Custom Object as a Key in HashMap

Introduction

In this Java HashMap example I am going to tell you how to use custom object as a key in HashMap. In custom object as a key in HashMap example, I will show you how to work with user defined objects as keys in Map. To use user defined objects as keys in Map you need to tell Java how to compare user defined objects by overriding the hashCode() and equals() methods.

Most of the time you generally use Java API provided classes, for example, mostly String objects as keys for HashMap. So in situations, where you need to use custom object as a key in HashMap then you can use this example.

Prerequisites

Java at least 8

Object key Class

Create below Book class that overrides equals() and hashCode() methods. This class will be used as a key in the HashMap. This class has two fields or attributes – title and author.

In the below example, two attributes – title and author – will be used together as a single key for the HashMap. You can have as many attributes as a key for the HashMap.

package com.roytuts.java.custom.object.key.hashmap;

public class Book {

	private String title;
	private String author;

	public Book(String title, String author) {
		this.title = title;
		this.author = author;
	}

	public String getTitle() {
		return title;
	}

	public String getAuthor() {
		return author;
	}

	@Override
	public int hashCode() {
		final int prime = 31;
		int result = 1;
		result = prime * result + ((author == null) ? 0 : author.hashCode());
		result = prime * result + ((title == null) ? 0 : title.hashCode());
		return result;
	}

	@Override
	public boolean equals(Object obj) {
		if (this == obj)
			return true;
		if (obj == null)
			return false;
		if (getClass() != obj.getClass())
			return false;
		Book other = (Book) obj;
		if (author == null) {
			if (other.author != null)
				return false;
		} else if (!author.equals(other.author))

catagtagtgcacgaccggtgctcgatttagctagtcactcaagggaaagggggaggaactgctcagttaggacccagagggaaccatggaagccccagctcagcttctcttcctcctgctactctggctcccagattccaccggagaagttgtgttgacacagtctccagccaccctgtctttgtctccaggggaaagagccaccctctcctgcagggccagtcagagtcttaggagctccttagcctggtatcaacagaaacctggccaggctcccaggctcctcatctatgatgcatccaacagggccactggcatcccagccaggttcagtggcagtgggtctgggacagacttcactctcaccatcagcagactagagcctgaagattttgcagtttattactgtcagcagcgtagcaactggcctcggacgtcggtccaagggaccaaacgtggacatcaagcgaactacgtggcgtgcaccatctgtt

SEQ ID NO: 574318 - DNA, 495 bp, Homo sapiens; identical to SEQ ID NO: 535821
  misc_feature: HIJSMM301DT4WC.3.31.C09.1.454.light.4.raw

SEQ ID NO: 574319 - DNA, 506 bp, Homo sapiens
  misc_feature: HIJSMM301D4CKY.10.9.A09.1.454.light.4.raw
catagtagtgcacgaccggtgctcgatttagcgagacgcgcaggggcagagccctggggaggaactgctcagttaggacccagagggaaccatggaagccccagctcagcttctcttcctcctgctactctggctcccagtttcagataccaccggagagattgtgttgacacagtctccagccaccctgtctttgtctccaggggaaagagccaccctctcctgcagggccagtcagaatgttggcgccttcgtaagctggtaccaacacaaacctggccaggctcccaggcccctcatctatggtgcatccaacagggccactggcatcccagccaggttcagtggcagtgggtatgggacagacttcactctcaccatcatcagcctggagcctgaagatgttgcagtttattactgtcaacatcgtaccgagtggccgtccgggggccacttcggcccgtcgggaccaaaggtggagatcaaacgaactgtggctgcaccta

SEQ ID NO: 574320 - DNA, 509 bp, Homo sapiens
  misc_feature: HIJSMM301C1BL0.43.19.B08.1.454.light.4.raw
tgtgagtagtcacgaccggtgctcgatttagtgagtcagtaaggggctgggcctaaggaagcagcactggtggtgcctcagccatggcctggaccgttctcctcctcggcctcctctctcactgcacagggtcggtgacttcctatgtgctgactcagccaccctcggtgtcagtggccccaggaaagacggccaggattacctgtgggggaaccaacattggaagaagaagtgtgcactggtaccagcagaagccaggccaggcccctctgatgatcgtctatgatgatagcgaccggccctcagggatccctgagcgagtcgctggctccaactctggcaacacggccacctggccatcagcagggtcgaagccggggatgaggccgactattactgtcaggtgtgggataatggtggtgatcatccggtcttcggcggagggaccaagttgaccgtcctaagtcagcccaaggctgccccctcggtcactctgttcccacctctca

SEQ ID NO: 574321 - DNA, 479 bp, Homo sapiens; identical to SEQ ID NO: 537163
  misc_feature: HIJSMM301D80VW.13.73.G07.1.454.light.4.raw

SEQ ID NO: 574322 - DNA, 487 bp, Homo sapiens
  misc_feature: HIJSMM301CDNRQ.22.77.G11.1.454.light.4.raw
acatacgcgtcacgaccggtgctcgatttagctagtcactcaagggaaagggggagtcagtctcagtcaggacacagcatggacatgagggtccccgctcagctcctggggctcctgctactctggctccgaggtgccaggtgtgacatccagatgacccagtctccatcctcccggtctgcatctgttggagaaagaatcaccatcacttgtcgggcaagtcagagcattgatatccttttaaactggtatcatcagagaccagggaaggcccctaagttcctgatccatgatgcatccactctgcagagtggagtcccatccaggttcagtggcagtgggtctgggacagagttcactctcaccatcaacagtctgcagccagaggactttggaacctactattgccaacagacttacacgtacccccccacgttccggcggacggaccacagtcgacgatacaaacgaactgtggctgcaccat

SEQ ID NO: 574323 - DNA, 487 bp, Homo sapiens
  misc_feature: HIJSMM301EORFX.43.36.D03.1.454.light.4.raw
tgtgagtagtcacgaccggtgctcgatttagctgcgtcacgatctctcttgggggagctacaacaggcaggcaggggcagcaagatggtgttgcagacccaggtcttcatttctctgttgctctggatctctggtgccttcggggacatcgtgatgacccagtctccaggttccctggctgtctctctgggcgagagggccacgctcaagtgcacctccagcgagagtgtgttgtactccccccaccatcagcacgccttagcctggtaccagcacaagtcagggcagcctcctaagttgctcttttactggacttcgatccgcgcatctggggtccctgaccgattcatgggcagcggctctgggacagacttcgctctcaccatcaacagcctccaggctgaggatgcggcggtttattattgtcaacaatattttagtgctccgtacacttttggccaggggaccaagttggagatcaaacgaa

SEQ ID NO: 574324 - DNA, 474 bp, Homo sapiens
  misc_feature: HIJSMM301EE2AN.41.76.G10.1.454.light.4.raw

return false;
		if (title == null) {
			if (other.title != null)
				return false;
		} else if (!title.equals(other.title))
			return false;
		return true;
	}

	@Override
	public String toString() {
		return "Book [title=" + title + ", author=" + author + "]";
	}

}

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Main Class

Create below main class which will test the user defined objects as keys in HashMap. Here I have put few entries into the map object first. Then I iterate through the map object using Java 8’s forEach() loop.

Next I create an object of Book class which already exists in the map object and verify whether this book object exists or not in the map object.

package com.roytuts.java.custom.object.key.hashmap;

import java.util.HashMap;
import java.util.Map;

public class CustomObjectAsKeyInHashMapApp {

	public static void main(String[] args) {

		Map<Book, String> bookMap = new HashMap<>();

		bookMap.put(new Book("Java", "James Gosling"), "Java");
		bookMap.put(new Book("C++", "Bjourn Stroustup"), "C++");
		bookMap.put(new Book("C", "Denish Ritche"), "C");
		bookMap.put(new Book("Databse", "C J Date"), "Database");

		System.out.println();

		bookMap.forEach((k, v) -> System.out.println(k + " => " + v));

		System.out.println();

		Book key = new Book("Java", "James Gosling");

		System.out.println("Is key: " + key + " available? " + bookMap.containsKey(key));

	}

}

Testing the Code

Running the main class will give you the following output:

Book [title=C++, author=Bjourn Stroustup] => C++
Book [title=Java, author=James Gosling] => Java
Book [title=C, author=Denish Ritche] => C
Book [title=Databse, author=C J Date] => Database

Is key: Book [title=Java, author=James Gosling] available? true

Hope you got an idea how to use your own Java class as a key for the HashMap.

Source Code

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